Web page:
"The Drone Wars" Rebuttal

 

Former US Attorney General Michael Mukasey's recent article, "The Drone Wars" in the Sunday, January 9-10, 2010 edition of the Wall Street Journal was troubling.  He seemed to conflate the subject with some specific conclusions which re-write, or simply discard, at least some rules regarding government actions during war specifically related to U.S. citizenship, a condition which he termed "irrelevant."

 

U.S. citizenship is far from irrelevant when deciding who is eligible to be put on "approved 'kill lists,'" or even, less finally, imprisoned without a right to judicial review as to their status.  These issues are not without precedent, and one need only look back as far as our own civil war to review their resolutions.  In Ex Parte Milligan and Merryman, the right of U.S. citizens who supported adversarial causes in war to judicial review of their status was clearly laid down.  Putting U.S. citizens on a "kill list" would, of course, be much more troublesome, although the article clearly insinuates that this is justified by the AUMF and our war status.  This is more than disheartening.  It is absolutely frightening coming from a former U.S Attorney General.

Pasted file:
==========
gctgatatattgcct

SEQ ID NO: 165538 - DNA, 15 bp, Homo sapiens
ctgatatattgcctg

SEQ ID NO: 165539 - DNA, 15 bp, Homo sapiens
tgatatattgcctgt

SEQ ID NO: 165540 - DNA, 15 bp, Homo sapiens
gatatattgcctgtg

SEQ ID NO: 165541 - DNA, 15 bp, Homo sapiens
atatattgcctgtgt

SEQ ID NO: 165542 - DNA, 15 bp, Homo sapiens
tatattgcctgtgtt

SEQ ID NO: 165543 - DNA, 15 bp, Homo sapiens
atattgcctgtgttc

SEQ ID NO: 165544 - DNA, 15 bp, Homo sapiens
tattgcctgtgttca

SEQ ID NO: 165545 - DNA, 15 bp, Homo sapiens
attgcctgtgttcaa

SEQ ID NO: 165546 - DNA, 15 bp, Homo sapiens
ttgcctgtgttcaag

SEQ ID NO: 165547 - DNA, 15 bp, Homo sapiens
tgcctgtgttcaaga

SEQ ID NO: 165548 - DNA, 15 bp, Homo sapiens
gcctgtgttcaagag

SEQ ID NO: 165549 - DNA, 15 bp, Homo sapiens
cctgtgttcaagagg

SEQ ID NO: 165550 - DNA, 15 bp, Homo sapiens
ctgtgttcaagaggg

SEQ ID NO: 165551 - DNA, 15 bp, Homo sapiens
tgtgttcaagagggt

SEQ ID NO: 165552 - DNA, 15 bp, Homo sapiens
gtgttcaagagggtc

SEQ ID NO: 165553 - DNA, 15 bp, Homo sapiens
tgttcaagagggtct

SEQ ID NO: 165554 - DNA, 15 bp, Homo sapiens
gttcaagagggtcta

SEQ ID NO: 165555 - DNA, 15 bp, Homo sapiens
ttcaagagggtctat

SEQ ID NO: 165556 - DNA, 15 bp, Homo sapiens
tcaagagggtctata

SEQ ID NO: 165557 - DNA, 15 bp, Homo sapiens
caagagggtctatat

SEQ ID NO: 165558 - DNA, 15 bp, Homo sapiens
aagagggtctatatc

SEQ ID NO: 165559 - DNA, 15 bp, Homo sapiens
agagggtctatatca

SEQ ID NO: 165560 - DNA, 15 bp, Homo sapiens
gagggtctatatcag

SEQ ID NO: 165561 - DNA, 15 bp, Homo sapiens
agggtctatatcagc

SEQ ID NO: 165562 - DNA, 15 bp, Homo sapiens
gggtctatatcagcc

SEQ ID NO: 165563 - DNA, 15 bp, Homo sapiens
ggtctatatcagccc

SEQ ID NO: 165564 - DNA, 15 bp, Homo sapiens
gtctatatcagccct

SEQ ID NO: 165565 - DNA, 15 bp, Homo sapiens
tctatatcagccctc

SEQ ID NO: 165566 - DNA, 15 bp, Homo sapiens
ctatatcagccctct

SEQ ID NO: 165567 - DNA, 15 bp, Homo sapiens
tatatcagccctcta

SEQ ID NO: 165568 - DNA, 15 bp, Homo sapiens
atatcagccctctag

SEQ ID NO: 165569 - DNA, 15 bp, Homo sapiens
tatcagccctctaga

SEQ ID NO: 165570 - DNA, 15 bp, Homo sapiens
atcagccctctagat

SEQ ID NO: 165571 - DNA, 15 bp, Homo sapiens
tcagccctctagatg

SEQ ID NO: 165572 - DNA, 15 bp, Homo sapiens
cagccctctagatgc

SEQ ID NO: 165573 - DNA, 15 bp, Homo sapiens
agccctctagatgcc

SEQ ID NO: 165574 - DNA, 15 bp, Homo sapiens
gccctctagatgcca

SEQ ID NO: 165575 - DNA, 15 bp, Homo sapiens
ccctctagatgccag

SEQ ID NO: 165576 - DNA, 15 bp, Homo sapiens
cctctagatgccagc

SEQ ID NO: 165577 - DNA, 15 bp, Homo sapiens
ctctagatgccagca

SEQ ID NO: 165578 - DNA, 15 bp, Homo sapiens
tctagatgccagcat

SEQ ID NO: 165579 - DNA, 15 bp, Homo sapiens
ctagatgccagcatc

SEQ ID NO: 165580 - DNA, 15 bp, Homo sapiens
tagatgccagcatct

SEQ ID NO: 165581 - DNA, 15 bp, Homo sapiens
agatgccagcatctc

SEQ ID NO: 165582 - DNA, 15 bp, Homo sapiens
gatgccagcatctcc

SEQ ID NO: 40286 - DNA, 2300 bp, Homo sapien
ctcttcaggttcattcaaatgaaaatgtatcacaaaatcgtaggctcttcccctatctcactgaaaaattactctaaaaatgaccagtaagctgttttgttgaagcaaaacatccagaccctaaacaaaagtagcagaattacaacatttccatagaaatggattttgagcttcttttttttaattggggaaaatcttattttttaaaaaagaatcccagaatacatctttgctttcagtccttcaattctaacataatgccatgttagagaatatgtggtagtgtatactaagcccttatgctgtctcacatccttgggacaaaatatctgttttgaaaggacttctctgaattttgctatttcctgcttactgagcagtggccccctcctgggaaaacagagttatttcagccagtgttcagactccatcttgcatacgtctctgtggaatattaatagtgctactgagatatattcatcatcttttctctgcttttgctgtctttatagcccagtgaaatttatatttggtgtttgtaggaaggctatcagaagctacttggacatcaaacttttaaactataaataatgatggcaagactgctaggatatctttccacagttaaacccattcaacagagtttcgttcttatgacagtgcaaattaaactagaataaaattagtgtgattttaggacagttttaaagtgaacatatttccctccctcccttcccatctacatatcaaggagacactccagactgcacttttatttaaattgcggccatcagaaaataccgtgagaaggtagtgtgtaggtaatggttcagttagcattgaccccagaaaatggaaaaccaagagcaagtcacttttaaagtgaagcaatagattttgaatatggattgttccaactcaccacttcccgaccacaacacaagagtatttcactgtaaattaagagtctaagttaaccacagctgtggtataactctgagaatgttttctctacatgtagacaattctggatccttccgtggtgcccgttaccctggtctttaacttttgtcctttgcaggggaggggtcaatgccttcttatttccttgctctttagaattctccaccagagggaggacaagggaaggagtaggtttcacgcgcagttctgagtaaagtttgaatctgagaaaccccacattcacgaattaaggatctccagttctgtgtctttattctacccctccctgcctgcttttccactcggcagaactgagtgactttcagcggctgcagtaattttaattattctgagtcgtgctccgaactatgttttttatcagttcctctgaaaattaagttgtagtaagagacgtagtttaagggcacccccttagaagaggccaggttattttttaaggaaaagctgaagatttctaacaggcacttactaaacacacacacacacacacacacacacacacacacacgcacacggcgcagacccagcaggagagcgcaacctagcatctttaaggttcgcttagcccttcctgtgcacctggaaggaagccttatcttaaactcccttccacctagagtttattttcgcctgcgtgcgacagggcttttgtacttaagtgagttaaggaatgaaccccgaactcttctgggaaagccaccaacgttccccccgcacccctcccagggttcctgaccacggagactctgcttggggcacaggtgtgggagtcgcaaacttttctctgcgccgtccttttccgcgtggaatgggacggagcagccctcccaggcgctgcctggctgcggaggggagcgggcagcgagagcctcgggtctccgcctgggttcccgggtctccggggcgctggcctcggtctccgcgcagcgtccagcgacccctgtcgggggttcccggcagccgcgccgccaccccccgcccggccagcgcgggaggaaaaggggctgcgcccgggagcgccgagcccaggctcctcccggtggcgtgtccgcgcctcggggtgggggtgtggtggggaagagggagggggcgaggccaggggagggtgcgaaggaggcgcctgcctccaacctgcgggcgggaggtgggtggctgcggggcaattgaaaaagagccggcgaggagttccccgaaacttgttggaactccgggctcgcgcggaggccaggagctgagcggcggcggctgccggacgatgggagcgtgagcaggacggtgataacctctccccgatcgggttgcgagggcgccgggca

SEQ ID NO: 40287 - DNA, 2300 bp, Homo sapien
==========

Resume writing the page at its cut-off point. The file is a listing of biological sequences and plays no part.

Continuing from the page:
I am not a lawyer, but neither do I think that background necessary to understand the implications of Mr. Mukassey's "opinions," opinions which are themselves a clear and present danger to our Republic should they meet with no rebuttal.  Is anyone else concerned or should I simply chalk the former U.S. AG's comments up to the peter principle?  Even if I do the later, how can we be sure no one is really listening to him?